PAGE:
The iconic music video that launched DvDx, and how he continues to make smoke

The journey for the producer began when he was a young child

DvDx spent his entire life in music.

The Atlanta artist, producer and DJ made his first major music moment in Soulja Boy‘s “Crank Dat” music video in 2007. Growing up, he has made songs, beats and now he also DJs for rising Atlanta artist Kenny Mason. At the 2022 Made in America festival in Philadelphia, DvDx spoke to rolling out about his journey along the way to making the smoke.


How are you feeling about being at Made in America?

I’m feeling amazing, bro. This is crazy. Like, this is my first time, really, this is my second time in Philly, but it’s my first time really indulging in Philly. It’s great. It’s crazy. It’s super different from Atlanta.


You’re making the smoke in a lot of different ways in music. What are some of the things you’re working on or recently released?

I just dropped two singles from my new tape with my homie Juberlee. He’s a producer, he produced on Latto’s new album, he produced on Whole Lotta Red and he’s produced for Ken Carson. Now, he’s working with me, so I’m blessed to be really working on my own artist s—. That’s like, the main focus. I’m dropping in September, this month, right now. So, [I’m] really excited about that. It’s really cool.

What is the name of the project and where can people find it?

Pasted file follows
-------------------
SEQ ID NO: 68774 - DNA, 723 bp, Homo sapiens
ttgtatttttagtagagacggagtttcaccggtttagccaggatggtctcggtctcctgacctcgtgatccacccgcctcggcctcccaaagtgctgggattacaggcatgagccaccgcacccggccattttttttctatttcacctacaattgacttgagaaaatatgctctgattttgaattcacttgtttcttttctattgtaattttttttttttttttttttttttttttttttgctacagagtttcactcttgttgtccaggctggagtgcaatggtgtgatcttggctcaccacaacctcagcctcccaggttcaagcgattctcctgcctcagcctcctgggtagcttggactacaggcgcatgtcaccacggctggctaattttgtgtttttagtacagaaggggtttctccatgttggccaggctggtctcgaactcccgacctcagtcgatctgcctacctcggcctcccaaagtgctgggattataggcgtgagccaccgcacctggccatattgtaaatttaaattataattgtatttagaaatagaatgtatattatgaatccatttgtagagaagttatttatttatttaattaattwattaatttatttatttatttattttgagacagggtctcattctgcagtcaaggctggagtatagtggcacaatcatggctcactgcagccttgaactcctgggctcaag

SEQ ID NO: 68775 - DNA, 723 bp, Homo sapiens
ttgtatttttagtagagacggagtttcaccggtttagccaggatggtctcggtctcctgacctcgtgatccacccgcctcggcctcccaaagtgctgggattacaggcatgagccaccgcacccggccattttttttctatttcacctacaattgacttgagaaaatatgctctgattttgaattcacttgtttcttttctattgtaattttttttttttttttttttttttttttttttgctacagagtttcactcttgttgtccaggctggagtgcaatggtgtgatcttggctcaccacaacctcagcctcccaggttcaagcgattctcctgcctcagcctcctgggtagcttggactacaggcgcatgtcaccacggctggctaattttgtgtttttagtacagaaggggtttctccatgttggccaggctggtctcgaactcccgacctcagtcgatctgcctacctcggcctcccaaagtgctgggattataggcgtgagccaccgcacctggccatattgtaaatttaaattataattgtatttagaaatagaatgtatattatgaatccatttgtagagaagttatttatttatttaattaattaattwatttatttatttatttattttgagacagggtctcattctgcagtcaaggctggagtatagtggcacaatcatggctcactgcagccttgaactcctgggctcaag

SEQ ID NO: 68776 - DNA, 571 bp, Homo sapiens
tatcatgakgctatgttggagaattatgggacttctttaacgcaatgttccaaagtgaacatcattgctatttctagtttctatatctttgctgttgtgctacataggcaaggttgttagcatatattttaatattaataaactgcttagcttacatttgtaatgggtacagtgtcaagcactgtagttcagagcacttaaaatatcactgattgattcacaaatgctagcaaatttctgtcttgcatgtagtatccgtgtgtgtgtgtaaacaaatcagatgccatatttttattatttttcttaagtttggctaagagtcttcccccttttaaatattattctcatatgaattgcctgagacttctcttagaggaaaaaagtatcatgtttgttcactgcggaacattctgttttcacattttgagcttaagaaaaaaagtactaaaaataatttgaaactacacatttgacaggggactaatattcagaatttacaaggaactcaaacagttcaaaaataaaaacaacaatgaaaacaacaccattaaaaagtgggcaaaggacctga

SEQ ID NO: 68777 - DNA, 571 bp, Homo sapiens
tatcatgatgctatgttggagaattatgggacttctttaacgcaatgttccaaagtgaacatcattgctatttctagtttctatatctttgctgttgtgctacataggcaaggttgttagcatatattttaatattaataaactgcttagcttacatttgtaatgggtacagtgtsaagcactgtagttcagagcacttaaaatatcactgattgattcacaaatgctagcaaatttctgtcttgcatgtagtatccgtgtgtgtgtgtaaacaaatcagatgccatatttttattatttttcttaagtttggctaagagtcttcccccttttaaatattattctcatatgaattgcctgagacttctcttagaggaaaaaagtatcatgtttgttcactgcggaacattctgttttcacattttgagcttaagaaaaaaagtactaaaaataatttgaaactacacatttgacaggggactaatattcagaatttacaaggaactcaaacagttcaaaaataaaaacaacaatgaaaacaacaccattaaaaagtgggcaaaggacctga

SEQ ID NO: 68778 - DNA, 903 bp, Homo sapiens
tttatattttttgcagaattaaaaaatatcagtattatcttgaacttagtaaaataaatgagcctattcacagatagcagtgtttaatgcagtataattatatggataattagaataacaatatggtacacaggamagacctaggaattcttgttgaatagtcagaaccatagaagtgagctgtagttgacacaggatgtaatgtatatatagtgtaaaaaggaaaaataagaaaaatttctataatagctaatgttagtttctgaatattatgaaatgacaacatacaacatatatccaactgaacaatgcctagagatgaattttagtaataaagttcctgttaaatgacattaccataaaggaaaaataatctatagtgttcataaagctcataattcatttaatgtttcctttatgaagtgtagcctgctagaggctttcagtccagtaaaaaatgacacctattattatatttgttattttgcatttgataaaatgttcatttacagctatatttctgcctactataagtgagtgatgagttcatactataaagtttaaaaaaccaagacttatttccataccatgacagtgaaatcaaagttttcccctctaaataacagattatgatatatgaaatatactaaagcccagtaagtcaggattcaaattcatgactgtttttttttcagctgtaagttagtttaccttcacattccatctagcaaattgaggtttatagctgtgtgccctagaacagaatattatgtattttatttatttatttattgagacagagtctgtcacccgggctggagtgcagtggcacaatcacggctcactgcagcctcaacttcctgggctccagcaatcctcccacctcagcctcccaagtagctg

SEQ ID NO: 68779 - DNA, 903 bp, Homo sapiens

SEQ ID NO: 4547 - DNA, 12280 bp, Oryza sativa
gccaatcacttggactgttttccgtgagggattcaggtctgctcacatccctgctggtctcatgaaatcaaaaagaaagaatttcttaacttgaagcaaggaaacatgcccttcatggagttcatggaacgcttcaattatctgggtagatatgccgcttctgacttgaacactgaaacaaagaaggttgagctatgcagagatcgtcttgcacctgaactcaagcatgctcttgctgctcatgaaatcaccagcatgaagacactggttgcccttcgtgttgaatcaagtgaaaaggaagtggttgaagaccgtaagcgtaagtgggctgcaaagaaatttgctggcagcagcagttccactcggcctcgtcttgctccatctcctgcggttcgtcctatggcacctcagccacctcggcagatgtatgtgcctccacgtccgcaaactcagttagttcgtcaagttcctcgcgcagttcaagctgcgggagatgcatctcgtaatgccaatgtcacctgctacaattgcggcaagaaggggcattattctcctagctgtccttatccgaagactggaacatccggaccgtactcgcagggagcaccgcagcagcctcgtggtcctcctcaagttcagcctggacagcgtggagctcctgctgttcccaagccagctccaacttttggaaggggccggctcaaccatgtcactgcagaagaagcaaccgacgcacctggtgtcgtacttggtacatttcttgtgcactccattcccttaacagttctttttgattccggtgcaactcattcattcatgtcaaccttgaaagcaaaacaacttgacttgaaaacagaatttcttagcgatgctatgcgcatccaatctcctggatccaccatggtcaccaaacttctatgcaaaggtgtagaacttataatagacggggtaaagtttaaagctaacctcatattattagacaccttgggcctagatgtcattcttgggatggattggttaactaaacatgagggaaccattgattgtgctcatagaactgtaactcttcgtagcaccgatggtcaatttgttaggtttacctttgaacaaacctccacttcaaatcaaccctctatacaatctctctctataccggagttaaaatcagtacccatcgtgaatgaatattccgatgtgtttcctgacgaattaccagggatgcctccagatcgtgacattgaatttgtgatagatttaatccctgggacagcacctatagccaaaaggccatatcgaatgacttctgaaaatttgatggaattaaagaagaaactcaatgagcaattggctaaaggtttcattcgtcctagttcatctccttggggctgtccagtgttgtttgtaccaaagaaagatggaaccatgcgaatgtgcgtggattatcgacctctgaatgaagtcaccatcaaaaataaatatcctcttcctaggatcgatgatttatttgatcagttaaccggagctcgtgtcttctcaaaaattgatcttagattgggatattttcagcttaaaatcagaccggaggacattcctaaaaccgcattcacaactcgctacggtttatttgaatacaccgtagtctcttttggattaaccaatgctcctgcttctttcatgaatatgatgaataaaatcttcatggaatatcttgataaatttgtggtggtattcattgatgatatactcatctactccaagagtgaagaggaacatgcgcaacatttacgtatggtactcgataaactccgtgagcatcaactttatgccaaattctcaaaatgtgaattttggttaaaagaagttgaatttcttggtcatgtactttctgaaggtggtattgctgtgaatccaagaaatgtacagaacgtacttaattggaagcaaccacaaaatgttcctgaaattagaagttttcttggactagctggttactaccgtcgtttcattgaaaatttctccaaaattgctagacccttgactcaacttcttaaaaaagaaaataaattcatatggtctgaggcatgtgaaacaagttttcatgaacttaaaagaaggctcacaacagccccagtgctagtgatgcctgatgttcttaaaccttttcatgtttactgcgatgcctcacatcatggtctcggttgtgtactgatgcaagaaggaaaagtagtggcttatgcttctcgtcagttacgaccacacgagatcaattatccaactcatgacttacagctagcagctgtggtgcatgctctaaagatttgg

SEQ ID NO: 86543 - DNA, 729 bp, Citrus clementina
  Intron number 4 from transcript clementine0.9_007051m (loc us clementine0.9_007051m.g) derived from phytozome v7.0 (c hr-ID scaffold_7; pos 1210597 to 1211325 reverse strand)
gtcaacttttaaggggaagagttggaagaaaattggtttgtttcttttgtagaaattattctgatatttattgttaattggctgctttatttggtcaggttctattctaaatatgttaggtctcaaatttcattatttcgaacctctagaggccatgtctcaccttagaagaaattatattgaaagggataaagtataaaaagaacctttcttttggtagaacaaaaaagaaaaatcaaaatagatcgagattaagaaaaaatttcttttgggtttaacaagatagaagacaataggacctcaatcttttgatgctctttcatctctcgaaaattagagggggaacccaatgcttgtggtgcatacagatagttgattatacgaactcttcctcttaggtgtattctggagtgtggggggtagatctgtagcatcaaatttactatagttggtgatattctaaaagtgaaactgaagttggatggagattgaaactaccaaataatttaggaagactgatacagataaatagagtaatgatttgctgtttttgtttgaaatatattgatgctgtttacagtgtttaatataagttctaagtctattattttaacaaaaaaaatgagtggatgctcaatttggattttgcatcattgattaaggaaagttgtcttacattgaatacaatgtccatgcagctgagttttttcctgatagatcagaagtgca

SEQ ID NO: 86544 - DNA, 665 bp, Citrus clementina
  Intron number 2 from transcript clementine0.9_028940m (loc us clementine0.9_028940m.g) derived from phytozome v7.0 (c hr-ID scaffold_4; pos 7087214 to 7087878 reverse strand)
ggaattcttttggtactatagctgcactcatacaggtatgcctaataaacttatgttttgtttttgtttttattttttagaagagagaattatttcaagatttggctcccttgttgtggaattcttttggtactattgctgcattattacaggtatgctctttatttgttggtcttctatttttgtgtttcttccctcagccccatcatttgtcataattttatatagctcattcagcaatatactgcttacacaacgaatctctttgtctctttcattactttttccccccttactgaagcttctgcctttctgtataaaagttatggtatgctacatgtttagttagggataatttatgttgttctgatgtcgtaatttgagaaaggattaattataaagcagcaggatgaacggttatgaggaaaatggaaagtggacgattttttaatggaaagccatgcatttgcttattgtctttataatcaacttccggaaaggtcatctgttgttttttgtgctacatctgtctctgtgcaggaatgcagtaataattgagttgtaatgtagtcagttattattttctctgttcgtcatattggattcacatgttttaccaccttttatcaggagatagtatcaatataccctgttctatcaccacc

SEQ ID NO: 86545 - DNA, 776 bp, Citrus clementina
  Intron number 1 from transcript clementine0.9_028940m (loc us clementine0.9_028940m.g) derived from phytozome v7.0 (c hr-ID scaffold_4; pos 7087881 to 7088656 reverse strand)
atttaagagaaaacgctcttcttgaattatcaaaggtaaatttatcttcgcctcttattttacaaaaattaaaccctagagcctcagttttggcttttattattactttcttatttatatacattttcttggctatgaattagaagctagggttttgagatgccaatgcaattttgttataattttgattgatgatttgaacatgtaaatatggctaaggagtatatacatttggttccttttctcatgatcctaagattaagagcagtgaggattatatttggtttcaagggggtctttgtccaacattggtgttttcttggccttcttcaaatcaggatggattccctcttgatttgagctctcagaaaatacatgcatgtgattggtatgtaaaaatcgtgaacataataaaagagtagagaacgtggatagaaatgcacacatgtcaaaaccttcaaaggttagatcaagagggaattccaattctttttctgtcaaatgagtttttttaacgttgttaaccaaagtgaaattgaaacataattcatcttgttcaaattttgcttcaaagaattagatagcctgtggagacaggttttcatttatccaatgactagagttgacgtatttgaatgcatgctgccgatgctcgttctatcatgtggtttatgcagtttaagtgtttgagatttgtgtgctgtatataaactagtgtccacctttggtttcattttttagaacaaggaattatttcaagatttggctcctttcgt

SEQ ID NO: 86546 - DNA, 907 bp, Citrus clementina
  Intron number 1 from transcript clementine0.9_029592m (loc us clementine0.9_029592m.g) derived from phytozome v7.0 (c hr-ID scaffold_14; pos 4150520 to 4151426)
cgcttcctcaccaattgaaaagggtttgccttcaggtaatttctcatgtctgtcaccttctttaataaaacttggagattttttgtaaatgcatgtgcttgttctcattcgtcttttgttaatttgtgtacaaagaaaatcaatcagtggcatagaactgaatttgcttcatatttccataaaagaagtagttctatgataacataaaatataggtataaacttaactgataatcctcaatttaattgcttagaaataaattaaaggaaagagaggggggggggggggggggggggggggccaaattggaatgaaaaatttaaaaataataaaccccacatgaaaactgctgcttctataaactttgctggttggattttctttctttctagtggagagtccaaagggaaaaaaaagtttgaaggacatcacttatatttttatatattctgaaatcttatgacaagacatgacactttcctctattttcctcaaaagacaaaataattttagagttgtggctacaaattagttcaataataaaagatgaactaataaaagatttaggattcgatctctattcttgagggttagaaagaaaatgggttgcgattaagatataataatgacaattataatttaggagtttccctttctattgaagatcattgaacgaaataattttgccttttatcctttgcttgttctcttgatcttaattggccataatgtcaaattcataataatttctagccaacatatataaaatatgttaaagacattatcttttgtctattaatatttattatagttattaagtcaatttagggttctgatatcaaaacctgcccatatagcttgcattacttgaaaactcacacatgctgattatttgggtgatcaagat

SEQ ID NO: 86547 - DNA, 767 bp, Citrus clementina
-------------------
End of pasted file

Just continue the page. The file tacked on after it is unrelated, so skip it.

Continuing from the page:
The project is called SENSORY OVERLOAD. And it’s going to be everywhere, it’s going to be on all streaming platforms on Sept. 27.

When you think about how it’s been a constant in your life, what does music mean to you?

Man, music is everything. I know, that’s a really basic thing to say, and it’s kind of vague, but it really is everything. It has a certain power that nothing else has over me, honestly. It’s something I’m always going to be drawn to no matter what. It’s something I felt pulled me ever since a young age, and I just had to be a part of it. I’m just honestly just following that calling, and I can’t ignore it. If I try to ignore it, I just feel like I’m not really doing what I’m supposed to be doing.

How did producing “Chasing Feelings” by Sakura come about and how does it compare to making a hip-hop record?

That’s kind of crazy. Sakura and I went to elementary school together, and we actually reconnected at Georgia State. Randomly, so we started working a little bit. Then, we started locking in. I started working on a lot of her songs, and a lot of them didn’t come out. Some of them might come out still, but “Chasing Feelings” was just one song, she had the demo for it. I came in and spruced it up. I polished and tried to make it the best song that it could possibly be, and the reception on that was kind of overwhelming.

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